Hand, foot and mouth disease is an infectious disease. It most often affects children under the age of 10 (childhood illness) and usually goes away without any complications. It is typically an illness of the late summer and fall seasons. Major outbreaks occur mainly in Southeast Asia.
At a glance
- Hand, foot and mouth disease is an infection with viruses known as enteroviruses, usually group A enteroviruses, EV-A.
- It is usually transmitted through direct contact (smear infection).
- It primarily affects infants and young children.
- The illness is normally mild and goes away without treatment.
- The main symptoms are a high temperature and rashes in the mouth and on hands and feet.
- There is no causative treatment against the virus and no vaccination.
Note: The information in this article cannot and should not replace a medical consultation and must not be used for self-diagnosis or treatment.
What is hand, foot and mouth disease?
Hand, foot and mouth disease is an infectious disease caused by group A enteroviruses. The sores and blisters on hands, feet and mouth are so typical that they have given the disease its name.
It most often affects children under the age of 10 and is usually harmless. The infection may rarely affect adults.
What are the symptoms of hand, foot and mouth disease?
The illness usually starts with a high temperature and a sore throat. People also lose their appetite. One to two days after the onset of the fever, a painful rash with small red spots, blisters and often ulcers develops in the mouth, mainly affecting the tongue, gums and the lining of the mouth.
A typical, non-itchy rash appears on the skin around the mouth, on the surfaces of the hand and soles of the feet. It consists of flat or raised red spots, sometimes blisters also form.
But in rare cases the illness can also appear in non-typical areas. The rash appears on the buttocks, genitals, on the knees or the elbows and can cause intense itching.
What causes hand, foot and mouth disease?
Hand, foot and mouth disease is caused by enteroviruses. The human enteroviruses that are relevant for humans are divided into groups A to D. Hand, foot and mouth disease is mainly caused by group A enteroviruses.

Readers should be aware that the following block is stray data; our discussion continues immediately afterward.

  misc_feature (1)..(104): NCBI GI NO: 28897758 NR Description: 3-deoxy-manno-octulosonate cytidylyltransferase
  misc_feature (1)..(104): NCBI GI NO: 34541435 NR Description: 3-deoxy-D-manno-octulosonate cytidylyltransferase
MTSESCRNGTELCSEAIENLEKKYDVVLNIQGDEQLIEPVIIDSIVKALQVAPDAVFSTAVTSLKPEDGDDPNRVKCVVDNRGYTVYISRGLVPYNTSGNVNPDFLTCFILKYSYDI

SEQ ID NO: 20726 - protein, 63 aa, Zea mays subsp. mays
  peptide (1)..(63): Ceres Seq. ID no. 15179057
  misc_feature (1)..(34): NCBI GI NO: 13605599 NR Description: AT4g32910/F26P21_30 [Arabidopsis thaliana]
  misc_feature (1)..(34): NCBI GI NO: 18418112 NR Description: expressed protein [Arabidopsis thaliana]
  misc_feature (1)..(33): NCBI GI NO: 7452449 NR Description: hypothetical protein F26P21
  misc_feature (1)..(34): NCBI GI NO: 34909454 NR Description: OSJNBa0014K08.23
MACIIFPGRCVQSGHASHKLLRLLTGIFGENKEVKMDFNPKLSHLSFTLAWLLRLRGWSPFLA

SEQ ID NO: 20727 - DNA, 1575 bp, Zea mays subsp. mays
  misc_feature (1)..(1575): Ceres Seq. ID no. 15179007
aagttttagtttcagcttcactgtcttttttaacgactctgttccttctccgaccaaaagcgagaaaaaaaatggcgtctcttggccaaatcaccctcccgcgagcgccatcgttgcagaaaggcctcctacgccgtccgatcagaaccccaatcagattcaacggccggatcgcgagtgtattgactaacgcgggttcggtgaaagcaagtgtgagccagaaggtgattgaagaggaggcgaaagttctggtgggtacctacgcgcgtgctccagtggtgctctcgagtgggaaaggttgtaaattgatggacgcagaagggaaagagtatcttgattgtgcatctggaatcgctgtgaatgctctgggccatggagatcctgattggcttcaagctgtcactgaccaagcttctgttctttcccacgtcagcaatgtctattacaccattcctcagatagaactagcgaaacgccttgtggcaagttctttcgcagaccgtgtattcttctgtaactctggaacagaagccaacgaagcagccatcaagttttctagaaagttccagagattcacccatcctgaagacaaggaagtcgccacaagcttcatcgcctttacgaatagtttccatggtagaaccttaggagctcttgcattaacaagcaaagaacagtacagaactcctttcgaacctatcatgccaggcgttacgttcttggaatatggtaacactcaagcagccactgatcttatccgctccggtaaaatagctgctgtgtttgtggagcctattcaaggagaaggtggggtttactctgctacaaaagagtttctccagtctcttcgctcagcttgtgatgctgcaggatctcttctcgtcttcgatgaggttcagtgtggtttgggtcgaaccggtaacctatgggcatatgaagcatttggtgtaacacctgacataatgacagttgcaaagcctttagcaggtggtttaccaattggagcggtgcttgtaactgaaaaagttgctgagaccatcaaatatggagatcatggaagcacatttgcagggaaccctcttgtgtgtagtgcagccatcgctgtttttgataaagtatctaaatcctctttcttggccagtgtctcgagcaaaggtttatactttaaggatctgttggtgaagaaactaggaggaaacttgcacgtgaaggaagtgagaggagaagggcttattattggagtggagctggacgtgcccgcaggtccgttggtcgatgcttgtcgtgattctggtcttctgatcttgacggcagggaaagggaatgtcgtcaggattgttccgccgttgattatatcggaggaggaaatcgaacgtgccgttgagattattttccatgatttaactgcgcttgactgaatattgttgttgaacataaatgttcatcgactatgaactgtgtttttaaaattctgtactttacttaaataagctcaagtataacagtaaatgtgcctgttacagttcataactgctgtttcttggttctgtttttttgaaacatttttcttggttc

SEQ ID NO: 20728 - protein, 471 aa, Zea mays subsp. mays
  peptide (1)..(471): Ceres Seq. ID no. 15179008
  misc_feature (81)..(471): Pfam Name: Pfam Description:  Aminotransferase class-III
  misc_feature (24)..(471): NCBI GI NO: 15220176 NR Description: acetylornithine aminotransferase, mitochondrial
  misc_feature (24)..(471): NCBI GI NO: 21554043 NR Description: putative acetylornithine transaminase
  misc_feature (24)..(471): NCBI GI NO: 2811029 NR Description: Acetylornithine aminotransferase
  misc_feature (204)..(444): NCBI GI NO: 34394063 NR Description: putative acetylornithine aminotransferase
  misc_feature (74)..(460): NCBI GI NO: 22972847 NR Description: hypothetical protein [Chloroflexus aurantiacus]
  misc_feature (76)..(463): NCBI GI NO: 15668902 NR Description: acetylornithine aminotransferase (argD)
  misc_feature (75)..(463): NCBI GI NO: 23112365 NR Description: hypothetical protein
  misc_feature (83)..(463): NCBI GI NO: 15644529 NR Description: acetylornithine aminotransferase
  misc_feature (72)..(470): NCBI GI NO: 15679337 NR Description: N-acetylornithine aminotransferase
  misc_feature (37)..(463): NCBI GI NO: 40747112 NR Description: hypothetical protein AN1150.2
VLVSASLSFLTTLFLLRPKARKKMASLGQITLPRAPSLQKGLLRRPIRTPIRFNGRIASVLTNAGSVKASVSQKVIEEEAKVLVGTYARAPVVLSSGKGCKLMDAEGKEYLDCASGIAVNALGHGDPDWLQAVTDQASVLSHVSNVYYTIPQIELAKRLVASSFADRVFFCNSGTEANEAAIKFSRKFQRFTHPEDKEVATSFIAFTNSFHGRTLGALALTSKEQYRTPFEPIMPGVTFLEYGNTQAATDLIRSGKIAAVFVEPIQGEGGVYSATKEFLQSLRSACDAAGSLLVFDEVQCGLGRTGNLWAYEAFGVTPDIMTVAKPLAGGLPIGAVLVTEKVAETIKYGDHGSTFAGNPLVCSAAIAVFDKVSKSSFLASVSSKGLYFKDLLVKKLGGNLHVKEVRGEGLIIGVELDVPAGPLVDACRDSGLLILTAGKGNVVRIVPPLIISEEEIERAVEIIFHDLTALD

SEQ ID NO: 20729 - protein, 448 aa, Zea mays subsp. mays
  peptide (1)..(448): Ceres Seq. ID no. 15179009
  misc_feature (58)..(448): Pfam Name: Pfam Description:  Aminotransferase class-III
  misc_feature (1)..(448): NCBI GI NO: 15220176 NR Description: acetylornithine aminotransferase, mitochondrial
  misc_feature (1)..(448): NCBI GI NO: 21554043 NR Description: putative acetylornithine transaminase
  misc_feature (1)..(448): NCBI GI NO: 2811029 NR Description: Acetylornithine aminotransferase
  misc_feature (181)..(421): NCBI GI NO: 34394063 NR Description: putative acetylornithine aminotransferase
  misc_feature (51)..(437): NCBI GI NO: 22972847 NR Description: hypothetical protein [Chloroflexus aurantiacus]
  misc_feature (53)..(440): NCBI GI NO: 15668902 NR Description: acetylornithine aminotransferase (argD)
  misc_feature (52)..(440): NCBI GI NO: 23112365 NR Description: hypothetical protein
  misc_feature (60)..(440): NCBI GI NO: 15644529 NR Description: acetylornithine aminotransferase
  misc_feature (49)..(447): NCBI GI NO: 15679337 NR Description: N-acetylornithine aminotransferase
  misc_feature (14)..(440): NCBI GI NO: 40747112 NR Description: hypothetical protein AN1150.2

Enteroviral infections are very common. They can generally trigger various diseases. An infection is often without symptoms, meaning that people can also be infected by those who are healthy.
People are infected through direct contact with body fluids.
- nose and throat secretions
- fluid from the blisters of the rash
As well as kissing, the hands also play a role in spreading the virus. They pass the viruses directly to other people (smear infection). The infection can also be transmitted through contaminated objects such as door handles or pacifiers.
At the onset of the disease, droplets from people speaking can also be infectious.
Important: It takes 3 to 5 days, 10 at most, from infection to the outbreak of the disease (incubation period). The risk of contact persons being infected is particularly high in the first few days. But viruses can also be excreted through the stool when the symptoms have already disappeared. This can last up to 6 weeks after the onset of the illness.
Is there a risk for pregnant women and new-born babies?
Pregnant women usually have enterovirus infections with mild symptoms, or no symptoms at all. In extremely rare cases, mothers who show symptoms of an enterovirus infection around the birth date and have not yet been able to form antibodies for defense can transmit the virus to the new-born baby. The disease is usually mild. Very rarely, the infection can spread throughout the new-born baby’s body. If organs such as the liver or heart are affected, the disease is life-threatening.